First Cobalt, which recently merged with Cobalt One and CobaltTech, is one of many exploration companies taking part in a cobalt staking rush near Cobalt, Ontario. Its Keeley-Frontier site is located 40 kilometres south of the town. Courtesy of First Cobalt.
First Cobalt finalized agreements to merge with Cobalt One and CobaltTech in late June, the latest of a flurry of mergers and acquisitions in and around the town of Cobalt in northeastern Ontario. The new company, which will be known as First Cobalt Corp., would be the dominant landowner in the historic Cobalt mining camp and the largest listed pure-play cobalt exploration company with an estimated market capitalization of $110 million.
Cobalt One shareholders would maintain a majority stake in the new company, which has numerous exploration claims in the camp, amounting to nearly 7,800 hectares. These will be absorbed into First Cobalt’s portfolio of cobalt properties in the Democratic Republic of the Congo (DRC) and 3,000 hectares of assets in Cobalt.
CobaltTech owns a 100-tonne-per-day mill in Cobalt, 11 past-producing mines in the area and properties in Quebec and one in northwestern Ontario.
The merger quelled a dispute between CobaltTech and Cobalt One over the sale of the camp’s only cobalt extraction refinery. It is the only North American refinery that does not set limits on arsenic content and would be fully owned by First Cobalt. The area’s geology is laden with arsenic.
Gino Chitaroni, president of the Northern Prospectors Association, said the merger is part of “a cobalt rush, harking back to the times of the Cobalt camp.” While named for the cobalt discovered on the shores of a local lake, the area was historically mined for silver, with a silver rush in 1903.
Chitaroni first started fielding enquiries about the area two years ago and saw a sharp spike of interest in early 2016. “There’s been a feeding frenzy,” he said. “To my knowledge, just about any major or minor cobalt occurrence located in northeastern Ontario is now gone. It’s been staked up in the last ten to 12 months.”
Cobalt is almost exclusively produced as a by-product of nickel and copper; there is only one primary-cobalt mine in the world, Bou Azzer in Morocco. In the Cobalt camp the metal occurs with silver and was historically seen by silver miners as a nuisance as it complicated smelting and refining. Cobalt has been mined sporadically in the town, in particular after World War Two, when the material garnered recognition for its heat-resistant properties and was used in airplane engines.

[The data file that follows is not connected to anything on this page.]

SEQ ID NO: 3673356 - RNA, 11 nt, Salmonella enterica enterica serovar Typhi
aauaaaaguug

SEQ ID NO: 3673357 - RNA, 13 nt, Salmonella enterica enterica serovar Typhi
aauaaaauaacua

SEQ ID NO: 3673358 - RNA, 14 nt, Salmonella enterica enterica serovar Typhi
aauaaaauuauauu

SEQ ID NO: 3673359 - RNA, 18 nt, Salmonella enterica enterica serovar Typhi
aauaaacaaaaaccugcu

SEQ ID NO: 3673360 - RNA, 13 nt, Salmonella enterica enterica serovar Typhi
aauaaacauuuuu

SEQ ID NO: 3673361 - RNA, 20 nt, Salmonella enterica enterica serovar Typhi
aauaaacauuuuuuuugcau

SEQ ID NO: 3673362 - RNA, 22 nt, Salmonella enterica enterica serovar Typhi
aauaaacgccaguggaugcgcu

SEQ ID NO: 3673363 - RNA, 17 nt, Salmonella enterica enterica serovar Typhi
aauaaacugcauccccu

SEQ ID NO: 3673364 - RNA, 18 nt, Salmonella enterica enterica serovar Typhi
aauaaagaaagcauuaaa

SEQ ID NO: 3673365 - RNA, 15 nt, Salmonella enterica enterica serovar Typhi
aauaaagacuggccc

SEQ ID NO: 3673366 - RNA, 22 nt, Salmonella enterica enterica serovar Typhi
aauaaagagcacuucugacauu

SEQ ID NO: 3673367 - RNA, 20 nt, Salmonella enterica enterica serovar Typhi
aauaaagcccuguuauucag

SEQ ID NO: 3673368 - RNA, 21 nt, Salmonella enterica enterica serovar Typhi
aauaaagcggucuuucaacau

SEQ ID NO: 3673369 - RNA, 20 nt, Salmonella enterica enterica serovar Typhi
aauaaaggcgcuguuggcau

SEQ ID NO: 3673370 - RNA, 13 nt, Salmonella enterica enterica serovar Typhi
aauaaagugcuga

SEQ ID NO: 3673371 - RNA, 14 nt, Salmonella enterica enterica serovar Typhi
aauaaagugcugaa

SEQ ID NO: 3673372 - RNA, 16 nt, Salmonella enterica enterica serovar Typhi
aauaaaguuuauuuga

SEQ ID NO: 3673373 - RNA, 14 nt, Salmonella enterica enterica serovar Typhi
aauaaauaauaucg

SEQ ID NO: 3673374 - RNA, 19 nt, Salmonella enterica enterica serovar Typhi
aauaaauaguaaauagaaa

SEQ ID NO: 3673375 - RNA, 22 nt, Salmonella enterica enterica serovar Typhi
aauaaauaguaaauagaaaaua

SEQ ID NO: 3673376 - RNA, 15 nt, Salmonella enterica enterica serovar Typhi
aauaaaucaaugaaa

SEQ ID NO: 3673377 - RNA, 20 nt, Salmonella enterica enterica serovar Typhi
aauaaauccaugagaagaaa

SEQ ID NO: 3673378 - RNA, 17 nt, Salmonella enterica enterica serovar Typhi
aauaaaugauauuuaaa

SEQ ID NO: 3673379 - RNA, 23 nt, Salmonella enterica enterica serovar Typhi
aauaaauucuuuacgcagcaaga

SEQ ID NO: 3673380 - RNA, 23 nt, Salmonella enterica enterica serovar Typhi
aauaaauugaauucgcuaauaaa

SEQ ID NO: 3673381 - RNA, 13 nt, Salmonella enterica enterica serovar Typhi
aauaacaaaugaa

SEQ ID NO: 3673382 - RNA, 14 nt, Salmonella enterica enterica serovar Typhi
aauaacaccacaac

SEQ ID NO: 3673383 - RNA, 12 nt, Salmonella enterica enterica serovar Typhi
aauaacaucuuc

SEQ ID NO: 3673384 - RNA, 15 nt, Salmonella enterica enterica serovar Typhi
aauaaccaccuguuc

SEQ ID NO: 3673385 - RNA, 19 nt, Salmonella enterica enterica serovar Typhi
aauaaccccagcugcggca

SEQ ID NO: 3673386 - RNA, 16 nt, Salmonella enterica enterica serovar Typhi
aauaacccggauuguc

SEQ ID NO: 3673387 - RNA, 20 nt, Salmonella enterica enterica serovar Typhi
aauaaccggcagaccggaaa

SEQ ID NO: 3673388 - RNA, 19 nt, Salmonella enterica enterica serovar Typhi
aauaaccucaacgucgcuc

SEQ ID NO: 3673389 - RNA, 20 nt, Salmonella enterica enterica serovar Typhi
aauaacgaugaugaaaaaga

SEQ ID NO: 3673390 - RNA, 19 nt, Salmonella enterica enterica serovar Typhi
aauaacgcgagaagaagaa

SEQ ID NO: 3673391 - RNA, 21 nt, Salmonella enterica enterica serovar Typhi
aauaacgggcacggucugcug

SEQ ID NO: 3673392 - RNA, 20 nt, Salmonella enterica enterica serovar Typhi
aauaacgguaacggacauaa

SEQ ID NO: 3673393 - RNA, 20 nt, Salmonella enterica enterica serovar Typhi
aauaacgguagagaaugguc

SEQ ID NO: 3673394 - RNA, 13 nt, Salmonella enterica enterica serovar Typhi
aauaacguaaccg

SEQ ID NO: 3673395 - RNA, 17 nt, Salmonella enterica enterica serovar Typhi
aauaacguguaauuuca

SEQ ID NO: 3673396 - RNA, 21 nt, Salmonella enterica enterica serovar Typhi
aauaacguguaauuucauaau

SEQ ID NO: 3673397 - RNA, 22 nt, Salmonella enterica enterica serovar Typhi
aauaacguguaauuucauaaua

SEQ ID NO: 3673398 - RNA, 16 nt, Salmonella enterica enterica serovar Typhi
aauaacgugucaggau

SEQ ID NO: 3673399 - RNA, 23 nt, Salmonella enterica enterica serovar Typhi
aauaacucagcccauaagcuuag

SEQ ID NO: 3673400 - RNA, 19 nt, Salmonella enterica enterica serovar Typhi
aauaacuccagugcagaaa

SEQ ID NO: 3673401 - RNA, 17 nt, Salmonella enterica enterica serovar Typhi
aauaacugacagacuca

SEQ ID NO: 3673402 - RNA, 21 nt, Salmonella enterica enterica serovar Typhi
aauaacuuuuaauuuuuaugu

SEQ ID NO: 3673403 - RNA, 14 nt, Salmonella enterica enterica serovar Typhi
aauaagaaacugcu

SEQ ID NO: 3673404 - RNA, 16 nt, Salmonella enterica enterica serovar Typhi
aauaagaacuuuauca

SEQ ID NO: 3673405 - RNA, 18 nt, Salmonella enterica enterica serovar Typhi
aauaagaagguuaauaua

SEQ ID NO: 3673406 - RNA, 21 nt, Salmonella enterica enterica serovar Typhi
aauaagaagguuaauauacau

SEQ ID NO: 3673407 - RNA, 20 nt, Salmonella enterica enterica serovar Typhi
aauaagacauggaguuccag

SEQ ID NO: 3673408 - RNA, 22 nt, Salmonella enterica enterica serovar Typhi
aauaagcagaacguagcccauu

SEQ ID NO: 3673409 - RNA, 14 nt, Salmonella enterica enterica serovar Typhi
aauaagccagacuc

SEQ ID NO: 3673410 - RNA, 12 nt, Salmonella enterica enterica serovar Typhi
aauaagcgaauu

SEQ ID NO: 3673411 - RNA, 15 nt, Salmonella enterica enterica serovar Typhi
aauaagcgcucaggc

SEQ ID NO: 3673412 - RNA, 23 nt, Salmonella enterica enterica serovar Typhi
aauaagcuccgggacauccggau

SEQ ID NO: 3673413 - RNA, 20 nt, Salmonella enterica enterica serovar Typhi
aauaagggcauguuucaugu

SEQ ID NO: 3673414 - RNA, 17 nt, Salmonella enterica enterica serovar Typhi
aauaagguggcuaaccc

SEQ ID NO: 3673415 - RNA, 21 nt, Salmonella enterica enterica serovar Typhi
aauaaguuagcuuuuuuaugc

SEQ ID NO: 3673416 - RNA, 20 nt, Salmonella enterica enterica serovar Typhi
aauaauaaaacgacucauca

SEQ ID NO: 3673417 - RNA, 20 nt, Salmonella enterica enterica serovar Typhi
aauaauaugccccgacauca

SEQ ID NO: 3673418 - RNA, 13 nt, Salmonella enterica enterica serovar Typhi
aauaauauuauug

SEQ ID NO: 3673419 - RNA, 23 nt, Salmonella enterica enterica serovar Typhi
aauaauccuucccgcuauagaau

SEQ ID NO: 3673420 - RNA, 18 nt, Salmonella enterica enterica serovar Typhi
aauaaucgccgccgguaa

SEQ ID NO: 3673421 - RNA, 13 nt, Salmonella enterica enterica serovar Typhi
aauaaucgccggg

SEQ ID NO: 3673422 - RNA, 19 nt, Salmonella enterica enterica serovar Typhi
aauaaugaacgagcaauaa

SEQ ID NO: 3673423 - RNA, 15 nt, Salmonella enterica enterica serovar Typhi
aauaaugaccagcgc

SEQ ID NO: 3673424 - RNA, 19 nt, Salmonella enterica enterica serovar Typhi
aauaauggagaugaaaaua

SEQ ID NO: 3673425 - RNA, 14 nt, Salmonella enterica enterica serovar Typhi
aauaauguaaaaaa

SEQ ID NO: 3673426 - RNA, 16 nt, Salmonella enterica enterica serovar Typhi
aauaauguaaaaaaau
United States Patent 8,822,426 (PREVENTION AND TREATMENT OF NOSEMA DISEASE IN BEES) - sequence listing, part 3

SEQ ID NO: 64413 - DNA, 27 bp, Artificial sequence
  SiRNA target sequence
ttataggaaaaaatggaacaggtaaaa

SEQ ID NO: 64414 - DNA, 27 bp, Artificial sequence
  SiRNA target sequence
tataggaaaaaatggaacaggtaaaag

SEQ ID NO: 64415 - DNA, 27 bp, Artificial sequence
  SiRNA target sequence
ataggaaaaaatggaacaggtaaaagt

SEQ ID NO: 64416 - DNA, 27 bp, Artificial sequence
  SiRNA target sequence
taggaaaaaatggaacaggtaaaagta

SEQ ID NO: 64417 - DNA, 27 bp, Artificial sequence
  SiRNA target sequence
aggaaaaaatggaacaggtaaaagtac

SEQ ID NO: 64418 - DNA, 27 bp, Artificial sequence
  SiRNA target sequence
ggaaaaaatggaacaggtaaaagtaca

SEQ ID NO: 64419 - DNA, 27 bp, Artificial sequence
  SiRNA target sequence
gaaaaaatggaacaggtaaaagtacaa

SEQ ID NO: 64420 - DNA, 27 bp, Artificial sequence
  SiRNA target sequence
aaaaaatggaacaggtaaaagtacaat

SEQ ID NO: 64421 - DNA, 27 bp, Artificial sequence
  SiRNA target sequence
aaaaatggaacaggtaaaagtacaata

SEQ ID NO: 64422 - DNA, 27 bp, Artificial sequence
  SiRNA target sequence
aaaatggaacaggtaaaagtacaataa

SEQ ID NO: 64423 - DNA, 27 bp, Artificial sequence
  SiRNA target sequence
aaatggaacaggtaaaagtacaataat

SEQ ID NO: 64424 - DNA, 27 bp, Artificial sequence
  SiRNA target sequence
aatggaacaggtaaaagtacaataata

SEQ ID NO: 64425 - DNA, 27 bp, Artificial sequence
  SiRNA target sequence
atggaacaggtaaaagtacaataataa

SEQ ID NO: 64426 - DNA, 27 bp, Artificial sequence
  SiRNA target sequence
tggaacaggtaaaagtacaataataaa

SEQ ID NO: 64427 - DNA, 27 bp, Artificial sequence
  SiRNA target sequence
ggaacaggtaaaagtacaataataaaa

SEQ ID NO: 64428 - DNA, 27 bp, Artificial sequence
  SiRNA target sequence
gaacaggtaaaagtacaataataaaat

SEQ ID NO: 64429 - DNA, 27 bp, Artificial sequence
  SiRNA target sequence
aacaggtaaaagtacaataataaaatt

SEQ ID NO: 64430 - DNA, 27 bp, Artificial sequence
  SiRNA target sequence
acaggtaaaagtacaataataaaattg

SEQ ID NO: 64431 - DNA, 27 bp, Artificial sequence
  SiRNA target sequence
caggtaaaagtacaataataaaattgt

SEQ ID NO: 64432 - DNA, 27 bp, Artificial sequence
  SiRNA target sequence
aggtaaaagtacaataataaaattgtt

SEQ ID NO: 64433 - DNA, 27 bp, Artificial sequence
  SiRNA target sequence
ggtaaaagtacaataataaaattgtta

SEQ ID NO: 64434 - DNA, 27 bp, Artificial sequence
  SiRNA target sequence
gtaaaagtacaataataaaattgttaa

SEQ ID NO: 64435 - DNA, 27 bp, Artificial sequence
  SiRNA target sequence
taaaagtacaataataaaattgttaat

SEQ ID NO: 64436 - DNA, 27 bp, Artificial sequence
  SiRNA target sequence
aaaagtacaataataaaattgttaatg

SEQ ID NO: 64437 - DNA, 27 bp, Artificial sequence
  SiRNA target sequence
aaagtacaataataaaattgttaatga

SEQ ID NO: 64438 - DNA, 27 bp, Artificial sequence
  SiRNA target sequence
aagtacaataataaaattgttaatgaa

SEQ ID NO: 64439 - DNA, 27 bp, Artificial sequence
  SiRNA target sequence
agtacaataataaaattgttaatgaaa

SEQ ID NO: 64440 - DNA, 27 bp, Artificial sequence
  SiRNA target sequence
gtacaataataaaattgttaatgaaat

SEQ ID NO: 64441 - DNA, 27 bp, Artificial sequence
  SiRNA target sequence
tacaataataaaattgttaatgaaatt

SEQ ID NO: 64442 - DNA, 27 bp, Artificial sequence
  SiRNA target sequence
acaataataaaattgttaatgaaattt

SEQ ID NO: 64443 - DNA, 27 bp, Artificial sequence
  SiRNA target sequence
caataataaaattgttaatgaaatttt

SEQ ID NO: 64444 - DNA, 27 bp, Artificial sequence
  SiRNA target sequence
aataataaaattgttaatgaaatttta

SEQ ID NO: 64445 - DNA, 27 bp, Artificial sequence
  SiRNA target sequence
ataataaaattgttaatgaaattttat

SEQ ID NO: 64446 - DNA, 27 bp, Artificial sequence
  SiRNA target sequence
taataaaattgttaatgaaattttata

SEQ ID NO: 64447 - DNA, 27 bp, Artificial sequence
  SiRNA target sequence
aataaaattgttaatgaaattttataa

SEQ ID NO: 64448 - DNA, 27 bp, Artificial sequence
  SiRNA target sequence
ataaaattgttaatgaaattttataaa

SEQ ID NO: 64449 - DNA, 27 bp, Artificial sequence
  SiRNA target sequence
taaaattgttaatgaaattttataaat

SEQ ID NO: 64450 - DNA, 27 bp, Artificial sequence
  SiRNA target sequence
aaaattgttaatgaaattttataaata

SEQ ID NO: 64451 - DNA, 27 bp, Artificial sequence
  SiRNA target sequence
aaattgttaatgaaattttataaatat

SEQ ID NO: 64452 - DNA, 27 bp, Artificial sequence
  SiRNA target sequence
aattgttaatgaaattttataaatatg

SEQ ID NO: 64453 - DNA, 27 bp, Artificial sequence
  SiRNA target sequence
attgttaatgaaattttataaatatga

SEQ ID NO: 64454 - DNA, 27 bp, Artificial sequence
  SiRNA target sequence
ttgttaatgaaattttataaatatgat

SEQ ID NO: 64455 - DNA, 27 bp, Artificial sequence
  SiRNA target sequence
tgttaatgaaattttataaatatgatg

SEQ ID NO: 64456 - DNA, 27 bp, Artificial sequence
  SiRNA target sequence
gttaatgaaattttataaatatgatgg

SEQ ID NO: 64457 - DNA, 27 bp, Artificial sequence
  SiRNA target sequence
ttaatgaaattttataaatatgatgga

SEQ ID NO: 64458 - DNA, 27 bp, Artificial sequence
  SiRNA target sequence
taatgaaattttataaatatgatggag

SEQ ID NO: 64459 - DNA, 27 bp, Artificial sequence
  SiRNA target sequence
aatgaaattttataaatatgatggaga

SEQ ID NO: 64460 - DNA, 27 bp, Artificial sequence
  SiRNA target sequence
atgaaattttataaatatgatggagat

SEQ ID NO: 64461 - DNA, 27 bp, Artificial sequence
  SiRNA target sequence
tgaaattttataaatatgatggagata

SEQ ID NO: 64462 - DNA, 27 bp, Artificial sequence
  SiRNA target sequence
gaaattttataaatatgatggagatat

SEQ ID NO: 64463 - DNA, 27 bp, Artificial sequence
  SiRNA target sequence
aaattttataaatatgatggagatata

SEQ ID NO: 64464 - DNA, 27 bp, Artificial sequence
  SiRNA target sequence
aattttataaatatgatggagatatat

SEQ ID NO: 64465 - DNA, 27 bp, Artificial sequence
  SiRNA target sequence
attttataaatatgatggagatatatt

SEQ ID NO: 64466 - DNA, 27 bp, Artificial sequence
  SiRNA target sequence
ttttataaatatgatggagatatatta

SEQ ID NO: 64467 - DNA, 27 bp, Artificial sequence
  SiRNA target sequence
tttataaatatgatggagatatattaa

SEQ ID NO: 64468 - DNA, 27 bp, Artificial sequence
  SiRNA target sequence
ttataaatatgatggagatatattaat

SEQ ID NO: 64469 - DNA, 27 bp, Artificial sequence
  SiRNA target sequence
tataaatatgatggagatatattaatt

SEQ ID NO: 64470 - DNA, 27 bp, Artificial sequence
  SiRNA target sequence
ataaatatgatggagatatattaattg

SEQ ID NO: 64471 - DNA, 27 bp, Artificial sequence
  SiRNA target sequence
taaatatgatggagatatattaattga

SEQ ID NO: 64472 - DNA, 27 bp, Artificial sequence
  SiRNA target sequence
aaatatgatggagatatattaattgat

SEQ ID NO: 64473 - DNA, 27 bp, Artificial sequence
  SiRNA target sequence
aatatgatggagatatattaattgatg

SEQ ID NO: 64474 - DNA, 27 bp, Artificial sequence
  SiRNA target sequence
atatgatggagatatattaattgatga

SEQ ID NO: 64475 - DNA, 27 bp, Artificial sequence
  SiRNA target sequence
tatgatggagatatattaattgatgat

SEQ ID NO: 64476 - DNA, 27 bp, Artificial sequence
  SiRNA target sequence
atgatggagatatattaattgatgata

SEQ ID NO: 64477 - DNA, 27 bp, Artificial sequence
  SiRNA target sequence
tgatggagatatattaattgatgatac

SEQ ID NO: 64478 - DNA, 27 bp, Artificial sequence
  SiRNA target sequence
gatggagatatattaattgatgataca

Demand for cobalt is booming given that it is a key component of lithium-ion batteries used in electric vehicles, laptops, tablets and mobile phones. As of July it was trading at US$28 to US$30 a pound according to CRU Group, soaring from a 15-year low of US$12.1 last year.
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Edward Spencer, a senior consultant at CRU, said that the current price level “is a stable place for cobalt right now,” but added that “there’s also risk of it going a lot higher, if electric vehicle demand exceeds our initial expectations or if there’s political disruption in the DRC.”
Spencer predicted the cobalt supply will not meet the huge demand in batteries and the emerging energy storage device market and that the current boom “will grow very strongly over the next ten years.”
Ontario provides a good option for cobalt exploration and mining for several reasons. More than half of the world’s cobalt is mined in the DRC, a country plagued by political instability and child labour in its cobalt trade. It is in battery companies’ interest to turn to producers with less tarnished ethical reputations. Projects are being developed in Idaho, Ontario, British Columbia, and the Northwest Territories.
Lithium-ion consumption is currently heavily concentrated in the Asian market, and the majority of battery cathodes are produced in China, Japan, and Korea, but both are growing elsewhere. “One of the new places it could take off is North America. This could present a wave of mines [like MergeCo’s] that could offload their material very easily to domestic producers,” said Spencer.
The fact that cobalt occurs with silver in Cobalt is significant. Cobalt normally occurs with nickel and copper and, given the current slump in both those metals, miners will not undermine their core business in their quest for secondary cobalt. The silver-cobalt deposits in Ontario are an attractive alternative, as silver has been in short supply for years.
Trent Mell, president and CEO of First Cobalt, is hopeful that modern geoscience and technology will allow First Cobalt to get cobalt-silver ratios of 50:50, up from the 20:80 of silver-mining days. These include transitioning mines to open pit in order to arrive at the solid base-metal halo around the silver shoots previously mined using narrow-vein mining.
Mell said he and Jason Bontempo, Cobalt One’s executive director, were united by a shared vision when planning the merger. “If you are going to give investors real leverage to cobalt, you need scale,” he explained. Historically the camp has been a string of small claims. “By bringing the three of us together we are going to control close to half of the prospective claims.”
Chitaroni echoed Mell’s hopes for more investment in the Cobalt camp. “We’re only at the beginning. All the companies right now are junior. At some point, there is the possibility of some much bigger money and senior companies’ influence. We aren’t there yet, but if it does happen, it’s going to change the whole fabric of the camp.”
Subject to regulatory approvals, Mell is hopeful the company will be formed by early November. The company board will include investor Robert Cross and members of Cobalt One and First Cobalt.